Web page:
Officials fear organised crime as well as individuals have scammed as much as £1.5 billion from Universal Credit as the pandemic played havoc with people’s finances.
The lockdown has created a huge demand for benefits by people in genuine financial distress.
Claims rose to record levels with more than 1.5 million people asking for help in the four weeks up to April 9th.
Because of the huge demand some of the Department Of Works & Pensions (DWP) processes were relaxed so money could get to claimants as quickly as possible.
Applications were running at six times the normal level and a decision was made that identity checks could be processed online rather than face to face and some information – like the cost of rent and whether someone had been self-employed – were taken on trust.
Now the department’s fraud team believe that organised crime and an unknown number of individuals exploited the highly pressured situation and made bogus claims.
Investigations are continuing, but the initial assessment is that fraudsters could have got away with £1.5 billion – ironic as one of the initial aims of Universal Credit was to save £1 billion a year by reducing the amount of fraud in the benefits system.
Work is now under way to claw back as much of the scammed cash as possible, but a large proportion of it was issued in the for of emergency advance payments and the recipients can’t be traced.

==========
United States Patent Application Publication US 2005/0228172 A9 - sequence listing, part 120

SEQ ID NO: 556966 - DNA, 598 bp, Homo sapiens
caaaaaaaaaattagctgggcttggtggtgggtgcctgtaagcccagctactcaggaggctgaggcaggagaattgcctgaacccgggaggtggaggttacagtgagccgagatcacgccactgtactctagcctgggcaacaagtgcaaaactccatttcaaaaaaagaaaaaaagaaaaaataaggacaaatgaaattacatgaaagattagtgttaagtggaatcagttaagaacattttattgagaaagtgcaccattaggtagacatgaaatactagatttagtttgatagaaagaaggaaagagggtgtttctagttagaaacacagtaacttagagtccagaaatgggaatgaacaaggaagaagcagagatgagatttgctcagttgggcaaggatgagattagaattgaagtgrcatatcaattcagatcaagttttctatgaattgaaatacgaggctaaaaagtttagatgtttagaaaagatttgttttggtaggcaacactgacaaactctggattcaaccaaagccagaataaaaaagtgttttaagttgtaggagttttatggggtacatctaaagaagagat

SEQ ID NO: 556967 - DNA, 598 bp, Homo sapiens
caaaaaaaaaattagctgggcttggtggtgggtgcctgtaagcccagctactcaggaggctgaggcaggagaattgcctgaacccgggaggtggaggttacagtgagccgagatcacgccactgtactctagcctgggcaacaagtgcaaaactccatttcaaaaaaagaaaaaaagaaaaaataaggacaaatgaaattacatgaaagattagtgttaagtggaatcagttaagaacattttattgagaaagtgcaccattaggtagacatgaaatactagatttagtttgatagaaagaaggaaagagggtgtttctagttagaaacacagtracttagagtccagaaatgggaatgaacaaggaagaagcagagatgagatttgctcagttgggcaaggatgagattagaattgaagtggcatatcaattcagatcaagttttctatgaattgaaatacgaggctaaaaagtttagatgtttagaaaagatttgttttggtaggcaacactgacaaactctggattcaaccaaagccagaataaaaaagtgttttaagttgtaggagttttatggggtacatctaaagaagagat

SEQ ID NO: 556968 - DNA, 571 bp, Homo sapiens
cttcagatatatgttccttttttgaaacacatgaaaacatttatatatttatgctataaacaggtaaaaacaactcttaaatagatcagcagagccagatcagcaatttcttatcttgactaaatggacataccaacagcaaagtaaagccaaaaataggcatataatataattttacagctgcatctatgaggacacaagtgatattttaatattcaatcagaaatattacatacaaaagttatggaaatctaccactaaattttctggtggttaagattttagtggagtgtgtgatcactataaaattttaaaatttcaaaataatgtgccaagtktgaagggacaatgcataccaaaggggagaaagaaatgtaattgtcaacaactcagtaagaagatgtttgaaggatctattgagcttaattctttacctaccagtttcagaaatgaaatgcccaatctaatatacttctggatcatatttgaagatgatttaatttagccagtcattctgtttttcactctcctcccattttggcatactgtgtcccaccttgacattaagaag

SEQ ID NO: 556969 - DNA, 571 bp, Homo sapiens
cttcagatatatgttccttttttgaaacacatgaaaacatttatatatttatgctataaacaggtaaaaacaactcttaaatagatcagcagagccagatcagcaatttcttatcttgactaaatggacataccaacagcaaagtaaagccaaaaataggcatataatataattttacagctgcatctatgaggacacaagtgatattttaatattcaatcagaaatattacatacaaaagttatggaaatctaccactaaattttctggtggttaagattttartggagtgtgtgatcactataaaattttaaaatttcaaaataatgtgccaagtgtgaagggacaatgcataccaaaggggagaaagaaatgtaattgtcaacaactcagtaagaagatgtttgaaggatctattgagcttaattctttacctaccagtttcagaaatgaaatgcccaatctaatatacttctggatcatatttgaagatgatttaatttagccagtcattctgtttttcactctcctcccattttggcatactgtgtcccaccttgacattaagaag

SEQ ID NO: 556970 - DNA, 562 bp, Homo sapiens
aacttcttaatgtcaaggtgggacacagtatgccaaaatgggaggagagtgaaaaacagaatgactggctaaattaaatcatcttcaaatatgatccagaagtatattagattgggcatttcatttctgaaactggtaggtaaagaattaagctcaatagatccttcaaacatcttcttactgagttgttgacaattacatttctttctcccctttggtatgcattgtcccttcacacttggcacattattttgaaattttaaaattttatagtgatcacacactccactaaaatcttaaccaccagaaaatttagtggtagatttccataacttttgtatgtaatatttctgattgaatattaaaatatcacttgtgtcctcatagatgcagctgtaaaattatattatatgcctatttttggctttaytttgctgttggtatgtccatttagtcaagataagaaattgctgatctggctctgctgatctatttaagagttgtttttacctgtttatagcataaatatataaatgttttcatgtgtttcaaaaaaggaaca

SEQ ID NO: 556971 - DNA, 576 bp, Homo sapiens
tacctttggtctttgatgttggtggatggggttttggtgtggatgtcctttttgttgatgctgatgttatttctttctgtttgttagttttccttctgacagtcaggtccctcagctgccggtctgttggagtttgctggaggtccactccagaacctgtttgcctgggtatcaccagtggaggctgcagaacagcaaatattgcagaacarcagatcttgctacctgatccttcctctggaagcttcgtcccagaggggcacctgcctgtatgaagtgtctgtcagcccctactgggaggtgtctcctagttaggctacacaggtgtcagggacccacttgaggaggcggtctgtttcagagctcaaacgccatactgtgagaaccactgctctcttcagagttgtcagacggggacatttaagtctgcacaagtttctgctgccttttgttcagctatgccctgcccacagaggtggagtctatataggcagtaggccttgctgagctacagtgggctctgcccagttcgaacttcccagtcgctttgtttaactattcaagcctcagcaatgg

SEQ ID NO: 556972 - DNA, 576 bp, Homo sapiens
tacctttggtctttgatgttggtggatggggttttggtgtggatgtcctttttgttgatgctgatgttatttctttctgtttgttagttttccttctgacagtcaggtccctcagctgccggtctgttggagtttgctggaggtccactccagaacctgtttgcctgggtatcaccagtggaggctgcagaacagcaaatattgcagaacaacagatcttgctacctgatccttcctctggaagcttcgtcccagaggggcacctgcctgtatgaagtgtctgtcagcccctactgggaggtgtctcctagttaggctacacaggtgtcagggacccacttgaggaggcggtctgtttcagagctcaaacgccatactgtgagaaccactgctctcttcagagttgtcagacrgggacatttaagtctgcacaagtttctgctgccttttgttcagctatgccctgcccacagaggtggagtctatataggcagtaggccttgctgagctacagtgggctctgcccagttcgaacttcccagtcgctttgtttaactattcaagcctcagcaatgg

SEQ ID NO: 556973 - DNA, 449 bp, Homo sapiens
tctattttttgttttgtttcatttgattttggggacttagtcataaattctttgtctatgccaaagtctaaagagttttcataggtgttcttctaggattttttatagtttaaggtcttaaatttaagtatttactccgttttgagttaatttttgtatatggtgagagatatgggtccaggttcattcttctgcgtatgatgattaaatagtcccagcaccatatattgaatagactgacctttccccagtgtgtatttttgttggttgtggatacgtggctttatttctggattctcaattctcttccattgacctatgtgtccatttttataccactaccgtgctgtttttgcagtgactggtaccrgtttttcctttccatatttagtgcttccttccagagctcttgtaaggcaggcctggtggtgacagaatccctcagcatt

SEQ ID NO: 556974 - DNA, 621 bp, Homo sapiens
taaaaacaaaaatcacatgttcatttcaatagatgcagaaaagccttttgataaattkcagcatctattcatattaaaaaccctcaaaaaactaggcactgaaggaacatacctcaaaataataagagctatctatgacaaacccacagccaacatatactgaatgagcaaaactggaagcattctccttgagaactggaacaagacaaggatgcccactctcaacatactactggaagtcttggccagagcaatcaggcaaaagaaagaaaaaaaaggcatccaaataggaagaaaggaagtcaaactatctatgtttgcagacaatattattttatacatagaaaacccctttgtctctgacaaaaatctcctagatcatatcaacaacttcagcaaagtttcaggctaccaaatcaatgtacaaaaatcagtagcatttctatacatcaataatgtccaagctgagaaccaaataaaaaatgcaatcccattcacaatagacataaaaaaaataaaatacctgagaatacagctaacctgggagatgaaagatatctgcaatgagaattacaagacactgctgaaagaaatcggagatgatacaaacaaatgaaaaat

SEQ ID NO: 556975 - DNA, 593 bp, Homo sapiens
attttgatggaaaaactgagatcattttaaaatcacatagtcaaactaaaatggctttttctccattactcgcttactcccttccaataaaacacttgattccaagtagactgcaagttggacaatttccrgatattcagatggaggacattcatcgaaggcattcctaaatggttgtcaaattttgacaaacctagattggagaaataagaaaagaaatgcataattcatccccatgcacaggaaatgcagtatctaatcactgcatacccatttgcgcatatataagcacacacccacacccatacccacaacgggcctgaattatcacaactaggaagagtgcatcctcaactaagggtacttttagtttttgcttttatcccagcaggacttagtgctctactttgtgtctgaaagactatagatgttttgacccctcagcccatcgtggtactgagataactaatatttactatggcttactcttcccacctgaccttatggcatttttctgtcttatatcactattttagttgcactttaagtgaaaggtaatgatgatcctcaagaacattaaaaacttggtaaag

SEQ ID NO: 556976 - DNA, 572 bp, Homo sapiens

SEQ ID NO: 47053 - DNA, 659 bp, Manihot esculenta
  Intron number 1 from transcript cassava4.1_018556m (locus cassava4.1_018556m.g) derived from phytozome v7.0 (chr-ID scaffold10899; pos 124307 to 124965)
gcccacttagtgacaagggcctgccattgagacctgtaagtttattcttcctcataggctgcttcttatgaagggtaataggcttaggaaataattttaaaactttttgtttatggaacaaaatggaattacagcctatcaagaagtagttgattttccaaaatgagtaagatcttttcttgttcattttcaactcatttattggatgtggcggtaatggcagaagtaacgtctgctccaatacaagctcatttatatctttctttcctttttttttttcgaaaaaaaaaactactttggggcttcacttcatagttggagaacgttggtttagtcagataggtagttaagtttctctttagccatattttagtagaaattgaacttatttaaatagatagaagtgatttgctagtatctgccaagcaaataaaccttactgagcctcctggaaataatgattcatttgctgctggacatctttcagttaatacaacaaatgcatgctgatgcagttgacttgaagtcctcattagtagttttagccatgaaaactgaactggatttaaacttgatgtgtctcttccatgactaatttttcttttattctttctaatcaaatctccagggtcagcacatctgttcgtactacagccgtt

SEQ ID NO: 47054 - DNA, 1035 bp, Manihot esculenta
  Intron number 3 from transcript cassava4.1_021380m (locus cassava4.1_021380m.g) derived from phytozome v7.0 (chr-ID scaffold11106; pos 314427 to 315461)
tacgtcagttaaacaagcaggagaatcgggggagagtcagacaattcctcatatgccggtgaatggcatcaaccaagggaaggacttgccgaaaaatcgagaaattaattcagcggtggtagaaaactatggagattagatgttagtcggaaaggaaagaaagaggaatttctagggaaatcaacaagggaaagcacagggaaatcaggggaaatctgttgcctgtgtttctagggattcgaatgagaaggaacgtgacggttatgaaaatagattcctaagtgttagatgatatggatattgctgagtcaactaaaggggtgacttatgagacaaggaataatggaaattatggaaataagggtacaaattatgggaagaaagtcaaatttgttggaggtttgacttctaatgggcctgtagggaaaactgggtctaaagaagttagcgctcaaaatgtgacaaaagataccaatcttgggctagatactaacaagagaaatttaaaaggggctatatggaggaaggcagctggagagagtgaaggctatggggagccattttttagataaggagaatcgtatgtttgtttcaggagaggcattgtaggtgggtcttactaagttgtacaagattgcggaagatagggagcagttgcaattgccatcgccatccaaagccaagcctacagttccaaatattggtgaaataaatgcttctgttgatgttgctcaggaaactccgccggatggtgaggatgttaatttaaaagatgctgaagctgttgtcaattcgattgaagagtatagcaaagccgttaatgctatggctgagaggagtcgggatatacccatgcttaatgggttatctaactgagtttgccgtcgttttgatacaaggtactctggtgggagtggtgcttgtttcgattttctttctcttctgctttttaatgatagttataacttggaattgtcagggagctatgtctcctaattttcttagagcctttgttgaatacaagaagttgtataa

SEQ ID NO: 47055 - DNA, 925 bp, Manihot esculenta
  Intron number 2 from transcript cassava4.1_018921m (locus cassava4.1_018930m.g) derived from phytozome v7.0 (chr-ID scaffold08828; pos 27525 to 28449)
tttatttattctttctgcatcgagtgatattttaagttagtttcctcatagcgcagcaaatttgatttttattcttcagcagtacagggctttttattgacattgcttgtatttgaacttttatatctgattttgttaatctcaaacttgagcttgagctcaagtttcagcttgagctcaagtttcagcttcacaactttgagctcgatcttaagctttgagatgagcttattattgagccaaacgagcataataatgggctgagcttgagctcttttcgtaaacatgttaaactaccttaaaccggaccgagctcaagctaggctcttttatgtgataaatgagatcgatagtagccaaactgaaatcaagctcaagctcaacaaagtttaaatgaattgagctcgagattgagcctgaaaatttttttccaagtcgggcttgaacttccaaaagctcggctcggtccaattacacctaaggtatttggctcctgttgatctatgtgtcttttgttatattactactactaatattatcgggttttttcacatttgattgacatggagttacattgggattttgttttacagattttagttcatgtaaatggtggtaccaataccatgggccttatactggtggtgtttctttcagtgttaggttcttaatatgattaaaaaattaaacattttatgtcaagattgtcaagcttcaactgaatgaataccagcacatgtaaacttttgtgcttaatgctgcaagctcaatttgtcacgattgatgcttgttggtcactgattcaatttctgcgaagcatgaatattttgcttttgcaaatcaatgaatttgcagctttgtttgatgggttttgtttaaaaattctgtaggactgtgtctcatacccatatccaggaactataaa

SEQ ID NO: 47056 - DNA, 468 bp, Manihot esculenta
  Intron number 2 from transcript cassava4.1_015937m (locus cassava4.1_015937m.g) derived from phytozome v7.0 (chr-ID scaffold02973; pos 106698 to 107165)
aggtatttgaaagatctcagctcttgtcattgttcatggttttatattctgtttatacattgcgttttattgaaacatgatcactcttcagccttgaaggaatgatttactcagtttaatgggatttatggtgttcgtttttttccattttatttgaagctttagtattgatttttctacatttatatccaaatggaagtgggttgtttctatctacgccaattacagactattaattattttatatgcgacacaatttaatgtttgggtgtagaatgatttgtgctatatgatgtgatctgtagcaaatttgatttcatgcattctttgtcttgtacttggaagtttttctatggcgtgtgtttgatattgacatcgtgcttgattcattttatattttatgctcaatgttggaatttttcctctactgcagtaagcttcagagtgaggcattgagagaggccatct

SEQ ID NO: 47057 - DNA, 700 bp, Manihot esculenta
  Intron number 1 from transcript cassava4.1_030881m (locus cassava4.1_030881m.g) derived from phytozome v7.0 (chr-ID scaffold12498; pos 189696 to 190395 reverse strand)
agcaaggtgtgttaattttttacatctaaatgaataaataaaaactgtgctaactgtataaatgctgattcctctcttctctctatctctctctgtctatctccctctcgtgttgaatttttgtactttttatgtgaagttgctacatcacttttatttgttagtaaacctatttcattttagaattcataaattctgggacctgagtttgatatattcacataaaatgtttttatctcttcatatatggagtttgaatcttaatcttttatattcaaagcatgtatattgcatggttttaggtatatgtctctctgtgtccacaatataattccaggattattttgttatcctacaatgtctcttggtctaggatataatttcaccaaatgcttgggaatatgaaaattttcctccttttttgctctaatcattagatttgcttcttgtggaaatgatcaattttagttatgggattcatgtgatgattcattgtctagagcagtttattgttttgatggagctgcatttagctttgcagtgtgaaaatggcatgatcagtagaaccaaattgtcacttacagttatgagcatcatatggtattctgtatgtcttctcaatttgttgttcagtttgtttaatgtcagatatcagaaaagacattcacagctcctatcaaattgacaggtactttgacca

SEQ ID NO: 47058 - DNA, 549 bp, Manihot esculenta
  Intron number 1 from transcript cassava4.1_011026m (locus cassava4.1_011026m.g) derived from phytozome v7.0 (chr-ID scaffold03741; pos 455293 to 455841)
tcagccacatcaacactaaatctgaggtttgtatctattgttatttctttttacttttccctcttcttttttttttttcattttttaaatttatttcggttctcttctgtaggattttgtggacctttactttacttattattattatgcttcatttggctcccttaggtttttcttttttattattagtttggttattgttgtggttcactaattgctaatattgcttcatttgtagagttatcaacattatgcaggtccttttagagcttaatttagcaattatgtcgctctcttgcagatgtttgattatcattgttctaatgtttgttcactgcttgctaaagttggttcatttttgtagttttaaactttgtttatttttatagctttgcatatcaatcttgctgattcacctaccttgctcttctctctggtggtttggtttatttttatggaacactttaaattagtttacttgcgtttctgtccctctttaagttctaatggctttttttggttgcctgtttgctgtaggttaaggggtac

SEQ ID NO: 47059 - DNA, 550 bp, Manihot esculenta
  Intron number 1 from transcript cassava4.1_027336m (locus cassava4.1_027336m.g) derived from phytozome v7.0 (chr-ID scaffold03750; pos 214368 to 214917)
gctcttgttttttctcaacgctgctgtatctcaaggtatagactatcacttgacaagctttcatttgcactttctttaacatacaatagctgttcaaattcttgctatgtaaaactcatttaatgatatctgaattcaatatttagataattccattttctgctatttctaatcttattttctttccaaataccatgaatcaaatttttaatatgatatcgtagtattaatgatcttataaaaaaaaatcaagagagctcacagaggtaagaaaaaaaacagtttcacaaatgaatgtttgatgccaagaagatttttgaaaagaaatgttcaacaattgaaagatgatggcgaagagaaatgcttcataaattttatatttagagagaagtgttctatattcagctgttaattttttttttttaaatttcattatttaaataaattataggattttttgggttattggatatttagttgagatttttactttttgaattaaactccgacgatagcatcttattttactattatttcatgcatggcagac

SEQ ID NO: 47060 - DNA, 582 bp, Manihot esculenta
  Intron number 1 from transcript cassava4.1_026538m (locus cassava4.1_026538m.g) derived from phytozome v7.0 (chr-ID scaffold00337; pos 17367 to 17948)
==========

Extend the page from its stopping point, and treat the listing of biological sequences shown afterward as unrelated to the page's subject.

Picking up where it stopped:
Overall fraud in the system has been calculated by investigators as 1.4% overall, but on Universal Credit it was 7.6%.
Record number of claims
As the pandemic struck, the DWP was hit by an avalanche of 1.5 million new claims in the first four weeks of lockdown – six times more than the same period in 2019.
Latest figures show there are currently 4.2 million claimants – a rise of 1.2 million in a single month.
A spokesman for the DWP said: “Thanks to the extraordinary efforts of staff, since mid-March we’ve managed to process more than two million new claims for Universal Credit and pay 970,000 advances, getting hundreds of millions of pounds into the accounts of those in urgent need within days.
“We continue to monitor benefit fraud very closely and will relentlessly pursue the minority attempting to abuse the system using the full range of available powers, including prosecution through the courts.
“Our detection systems make use of increasingly sophisticated techniques to identify discrepancies and thwart those seeking to rip-off taxpayers.”